W. J. Mander examines the nature of idealist ethics, that is to say, the form and content of ethical belief most typically adopted by philosophical idealists. While there exist many studies of the ethical views of individual idealist philosophers there has been no literature at all on the notion of idealist ethics per se. Never is it asked: at which points, if any, do the ethical systems of all these thinkers overlap, and what relation, if any, do such commonalities bear to their authors' idealism? Never is the question posed: were you suddenly to become convinced of the truth of some form of philosophical idealism what revisions, if any, would that necessitate in your conception of the truth, nature, and significance of ethical judgements? The inquiry has two aims. The first is historical. From the record of past philosophy, Mander demonstrates that there exists a discernible idealist approach to moral philosophy; a tradition of 'idealist ethics.' He examines its characteristic marks and varieties. The second aim is apologetic. Mander argues that such idealist ethics offers an attractive way of looking at moral questions and that it has much to contribute to contemporary discussion. In particular he argues that Idealist ethics have the power to cut through the sterile opposition between moral realism and moral anti-realism which has come to dominate contemporary thinking about ethical questions. To be an idealist is precisely to hold that the universe is so constituted that things are real if and only if they are ideal; to hold that uncovering in something the work of mind makes it more not less significant.

Rights for Robots

an entirely separate category—“non-personal subjects of law” (Pietrzykowski, 2017, p. 59). ... Observing the logic employed by common law judges in modern American cases, he surmises that autonomy, the factor underlying dignity, ...

Rights for Robots

Bringing a unique perspective to the burgeoning ethical and legal issues surrounding the presence of artificial intelligence in our daily lives, the book uses theory and practice on animal rights and the rights of nature to assess the status of robots. Through extensive philosophical and legal analyses, the book explores how rights can be applied to nonhuman entities. This task is completed by developing a framework useful for determining the kinds of personhood for which a nonhuman entity might be eligible, and a critical environmental ethic that extends moral and legal consideration to nonhumans. The framework and ethic are then applied to two hypothetical situations involving real-world technology—animal-like robot companions and humanoid sex robots. Additionally, the book approaches the subject from multiple perspectives, providing a comparative study of legal cases on animal rights and the rights of nature from around the world and insights from structured interviews with leading experts in the field of robotics. Ending with a call to rethink the concept of rights in the Anthropocene, suggestions for further research are made. An essential read for scholars and students interested in robot, animal and environmental law, as well as those interested in technology more generally, the book is a ground-breaking study of an increasingly relevant topic, as robots become ubiquitous in modern society.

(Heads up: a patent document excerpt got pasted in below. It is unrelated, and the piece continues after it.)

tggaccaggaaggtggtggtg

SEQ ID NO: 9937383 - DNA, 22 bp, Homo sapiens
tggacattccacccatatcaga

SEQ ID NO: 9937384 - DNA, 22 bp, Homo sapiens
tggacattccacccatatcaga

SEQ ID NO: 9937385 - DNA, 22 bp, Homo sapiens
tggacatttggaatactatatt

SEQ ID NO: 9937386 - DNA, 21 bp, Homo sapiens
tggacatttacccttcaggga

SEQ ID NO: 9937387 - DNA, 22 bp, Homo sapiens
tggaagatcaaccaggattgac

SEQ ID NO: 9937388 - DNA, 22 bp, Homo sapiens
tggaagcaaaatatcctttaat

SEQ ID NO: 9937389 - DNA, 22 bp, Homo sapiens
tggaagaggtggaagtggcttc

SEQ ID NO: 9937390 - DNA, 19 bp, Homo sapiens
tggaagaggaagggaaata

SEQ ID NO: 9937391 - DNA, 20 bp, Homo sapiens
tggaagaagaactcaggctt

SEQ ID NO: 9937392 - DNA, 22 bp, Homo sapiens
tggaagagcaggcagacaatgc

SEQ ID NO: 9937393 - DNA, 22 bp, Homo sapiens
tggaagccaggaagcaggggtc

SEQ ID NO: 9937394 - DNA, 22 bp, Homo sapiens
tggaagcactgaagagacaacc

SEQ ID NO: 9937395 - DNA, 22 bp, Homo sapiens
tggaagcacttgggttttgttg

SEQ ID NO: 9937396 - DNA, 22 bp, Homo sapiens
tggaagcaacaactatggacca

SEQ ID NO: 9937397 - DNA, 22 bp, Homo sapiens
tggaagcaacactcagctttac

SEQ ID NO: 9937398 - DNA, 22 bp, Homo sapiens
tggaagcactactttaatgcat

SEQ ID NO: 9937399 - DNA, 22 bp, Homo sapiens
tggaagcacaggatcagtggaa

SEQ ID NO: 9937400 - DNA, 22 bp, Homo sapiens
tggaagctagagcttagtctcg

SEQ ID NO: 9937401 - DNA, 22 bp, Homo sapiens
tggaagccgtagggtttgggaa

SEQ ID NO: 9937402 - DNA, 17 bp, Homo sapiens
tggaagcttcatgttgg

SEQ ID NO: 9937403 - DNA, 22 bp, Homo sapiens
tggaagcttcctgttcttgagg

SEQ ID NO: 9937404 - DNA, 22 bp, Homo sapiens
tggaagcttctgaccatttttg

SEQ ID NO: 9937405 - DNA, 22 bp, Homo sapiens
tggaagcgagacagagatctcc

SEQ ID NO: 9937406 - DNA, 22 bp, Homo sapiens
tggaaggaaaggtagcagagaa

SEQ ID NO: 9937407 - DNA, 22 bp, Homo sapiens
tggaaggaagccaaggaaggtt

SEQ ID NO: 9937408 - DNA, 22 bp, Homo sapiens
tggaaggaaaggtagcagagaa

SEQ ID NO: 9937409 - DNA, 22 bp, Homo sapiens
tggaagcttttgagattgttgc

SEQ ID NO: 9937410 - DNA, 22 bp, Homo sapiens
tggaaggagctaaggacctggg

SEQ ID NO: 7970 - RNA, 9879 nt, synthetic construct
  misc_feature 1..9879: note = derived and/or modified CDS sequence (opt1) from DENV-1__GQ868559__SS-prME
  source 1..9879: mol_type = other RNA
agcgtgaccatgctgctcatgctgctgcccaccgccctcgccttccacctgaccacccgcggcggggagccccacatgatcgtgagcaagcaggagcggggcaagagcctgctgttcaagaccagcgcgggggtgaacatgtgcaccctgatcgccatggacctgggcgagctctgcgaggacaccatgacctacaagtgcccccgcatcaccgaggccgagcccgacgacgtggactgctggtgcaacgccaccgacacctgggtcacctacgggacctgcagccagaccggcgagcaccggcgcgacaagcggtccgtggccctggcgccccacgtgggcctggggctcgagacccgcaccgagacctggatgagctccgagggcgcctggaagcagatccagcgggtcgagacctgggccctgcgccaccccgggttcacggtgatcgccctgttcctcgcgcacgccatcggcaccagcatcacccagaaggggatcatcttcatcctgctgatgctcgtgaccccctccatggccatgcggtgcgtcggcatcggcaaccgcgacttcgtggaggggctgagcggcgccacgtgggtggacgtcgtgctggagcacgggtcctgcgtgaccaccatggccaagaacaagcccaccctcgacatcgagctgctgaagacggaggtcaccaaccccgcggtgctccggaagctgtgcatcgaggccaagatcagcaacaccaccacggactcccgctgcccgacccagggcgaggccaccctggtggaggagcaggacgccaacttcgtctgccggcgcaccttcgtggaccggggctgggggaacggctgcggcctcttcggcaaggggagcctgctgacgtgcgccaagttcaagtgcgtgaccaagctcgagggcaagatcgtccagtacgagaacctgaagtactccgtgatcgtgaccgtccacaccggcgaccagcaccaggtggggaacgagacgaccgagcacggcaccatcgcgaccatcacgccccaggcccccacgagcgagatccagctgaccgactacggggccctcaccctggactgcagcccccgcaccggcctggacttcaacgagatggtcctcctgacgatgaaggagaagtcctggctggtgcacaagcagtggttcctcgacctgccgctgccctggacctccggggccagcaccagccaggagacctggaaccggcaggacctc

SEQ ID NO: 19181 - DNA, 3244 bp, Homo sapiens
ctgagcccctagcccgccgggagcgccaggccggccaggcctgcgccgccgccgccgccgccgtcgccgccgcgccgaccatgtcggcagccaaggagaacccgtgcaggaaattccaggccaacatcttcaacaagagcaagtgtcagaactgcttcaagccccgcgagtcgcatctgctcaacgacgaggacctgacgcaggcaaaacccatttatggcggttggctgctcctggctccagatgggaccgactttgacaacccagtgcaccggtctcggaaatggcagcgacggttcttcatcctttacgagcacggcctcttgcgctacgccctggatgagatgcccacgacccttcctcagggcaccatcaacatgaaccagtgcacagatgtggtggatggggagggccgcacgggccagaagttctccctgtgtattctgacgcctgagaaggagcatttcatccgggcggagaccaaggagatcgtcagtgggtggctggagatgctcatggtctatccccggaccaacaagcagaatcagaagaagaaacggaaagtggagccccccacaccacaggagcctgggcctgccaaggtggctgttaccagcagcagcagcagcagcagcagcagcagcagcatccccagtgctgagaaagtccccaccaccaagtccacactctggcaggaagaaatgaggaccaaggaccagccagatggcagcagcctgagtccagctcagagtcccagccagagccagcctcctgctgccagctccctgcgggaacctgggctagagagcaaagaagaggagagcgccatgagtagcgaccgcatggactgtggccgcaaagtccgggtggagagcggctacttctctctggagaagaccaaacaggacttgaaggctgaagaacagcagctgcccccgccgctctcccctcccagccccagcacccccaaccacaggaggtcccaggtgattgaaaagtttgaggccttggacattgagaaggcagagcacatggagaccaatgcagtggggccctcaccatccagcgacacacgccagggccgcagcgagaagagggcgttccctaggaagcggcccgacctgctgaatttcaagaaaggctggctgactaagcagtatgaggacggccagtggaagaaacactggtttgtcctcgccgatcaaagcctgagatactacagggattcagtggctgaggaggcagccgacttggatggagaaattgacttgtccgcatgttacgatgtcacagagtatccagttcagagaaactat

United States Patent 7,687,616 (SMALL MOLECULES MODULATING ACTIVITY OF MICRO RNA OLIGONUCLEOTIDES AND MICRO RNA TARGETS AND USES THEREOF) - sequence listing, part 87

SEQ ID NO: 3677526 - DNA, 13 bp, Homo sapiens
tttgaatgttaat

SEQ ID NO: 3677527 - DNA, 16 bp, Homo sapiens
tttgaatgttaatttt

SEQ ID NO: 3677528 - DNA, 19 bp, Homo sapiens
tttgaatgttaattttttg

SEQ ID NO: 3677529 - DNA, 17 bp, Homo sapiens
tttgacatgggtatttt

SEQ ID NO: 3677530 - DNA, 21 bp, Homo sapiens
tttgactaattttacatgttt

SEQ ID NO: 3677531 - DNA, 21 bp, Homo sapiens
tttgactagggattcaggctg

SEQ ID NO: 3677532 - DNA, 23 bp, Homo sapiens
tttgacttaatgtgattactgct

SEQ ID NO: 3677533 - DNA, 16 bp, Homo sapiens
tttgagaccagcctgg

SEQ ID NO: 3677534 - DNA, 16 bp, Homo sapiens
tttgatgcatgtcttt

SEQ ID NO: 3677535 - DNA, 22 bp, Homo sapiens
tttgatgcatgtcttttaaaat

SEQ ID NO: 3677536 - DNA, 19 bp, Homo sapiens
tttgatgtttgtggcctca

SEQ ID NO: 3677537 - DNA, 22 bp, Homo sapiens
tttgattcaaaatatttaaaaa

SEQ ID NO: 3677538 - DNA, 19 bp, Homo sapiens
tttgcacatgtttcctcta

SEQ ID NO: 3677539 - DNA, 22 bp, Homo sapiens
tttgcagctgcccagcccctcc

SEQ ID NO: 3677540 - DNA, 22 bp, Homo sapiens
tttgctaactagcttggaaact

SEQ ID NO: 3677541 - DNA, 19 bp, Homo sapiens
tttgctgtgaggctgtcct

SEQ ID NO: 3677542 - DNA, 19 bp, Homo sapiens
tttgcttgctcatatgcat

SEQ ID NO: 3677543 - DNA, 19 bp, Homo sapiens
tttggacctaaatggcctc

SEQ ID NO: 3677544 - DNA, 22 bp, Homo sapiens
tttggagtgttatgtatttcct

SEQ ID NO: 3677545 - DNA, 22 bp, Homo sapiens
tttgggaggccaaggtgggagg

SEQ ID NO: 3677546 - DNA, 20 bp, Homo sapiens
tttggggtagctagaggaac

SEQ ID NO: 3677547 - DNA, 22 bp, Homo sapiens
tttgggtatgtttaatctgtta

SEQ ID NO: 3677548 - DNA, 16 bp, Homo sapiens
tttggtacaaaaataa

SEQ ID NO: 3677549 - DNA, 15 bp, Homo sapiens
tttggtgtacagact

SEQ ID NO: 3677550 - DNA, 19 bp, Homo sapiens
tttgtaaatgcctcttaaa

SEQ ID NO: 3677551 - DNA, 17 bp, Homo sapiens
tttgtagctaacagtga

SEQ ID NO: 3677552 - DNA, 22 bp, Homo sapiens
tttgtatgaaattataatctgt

Rescuing Autonomy from Kant

Formula of the Law of Nature (fln) 121, 123–25,128–29, 132–33, 135, 137, 139, 141, 143–44, 146,158–62, 169, ... 224, 232, 235, 237–39 Critique of Pure Reason 85, 93 Groundwork of the Metaphysics of Morals 60–61, 63, 79–80, 121–29, ...

Rescuing Autonomy from Kant

In Rescuing Autonomy from Kant, James Furner argues that Marxism’s relation to Kant’s ethics is not one of irrelevance, complementarity or incompatibility, but critique: the value of autonomy can be grounded by appeal to an antinomy in capitalism’s basic structure.

Bulletin of the Atomic Scientists

... Jr. Eugene Rabinpwitch Edward Shils John Simpson Legal Counsel: Walter J. Blum BOARD OF SPONSORS: J. Robert Oppenheimer, Chairman Harold C. Urey, Vice-Chairman H. A. Bethe Detlev W. Bronk A. H. Compton E. U. Condon F. Daniels L. A. ...

Bulletin of the Atomic Scientists

The Bulletin of the Atomic Scientists is the premier public resource on scientific and technological developments that impact global security. Founded by Manhattan Project Scientists, the Bulletin's iconic "Doomsday Clock" stimulates solutions for a safer world.

The Yale Law Journal

There is no one , objective reason . Since Weber's work explores the meanings and origins of qualitatively different forms of rationality , it can be called a sociology of rationalisms . " 8 a B. Four Types of Legal Reasoning The ...

The Yale Law Journal


Almanac of the Federal Judiciary

Until then the autonomy of legal thought was the relatively secure , though periodically contested , premise of ... an era in which law — the attack of the legal realists having been blunted - was confidently regarded as an autonomous ...

Almanac of the Federal Judiciary


Talking Philosophy

Baalman , John ( 1979 ) Outline of Law in Australia ( 4th edn by Geoffrey A. Flick ) , Sydney : Law Book Co. Baker , A. James ( 1979 ) Anderson's Social ... Beardsmore , R. W. ( 1969 ) Moral Reasoning , London : Routledge & Kegan Paul .

Talking Philosophy

"The result of twenty-five years of teaching philosophy, Talking Philosophy presents an informative and critical look at the basic terminology of twentieth-century Anglophone philosophy."--Cover.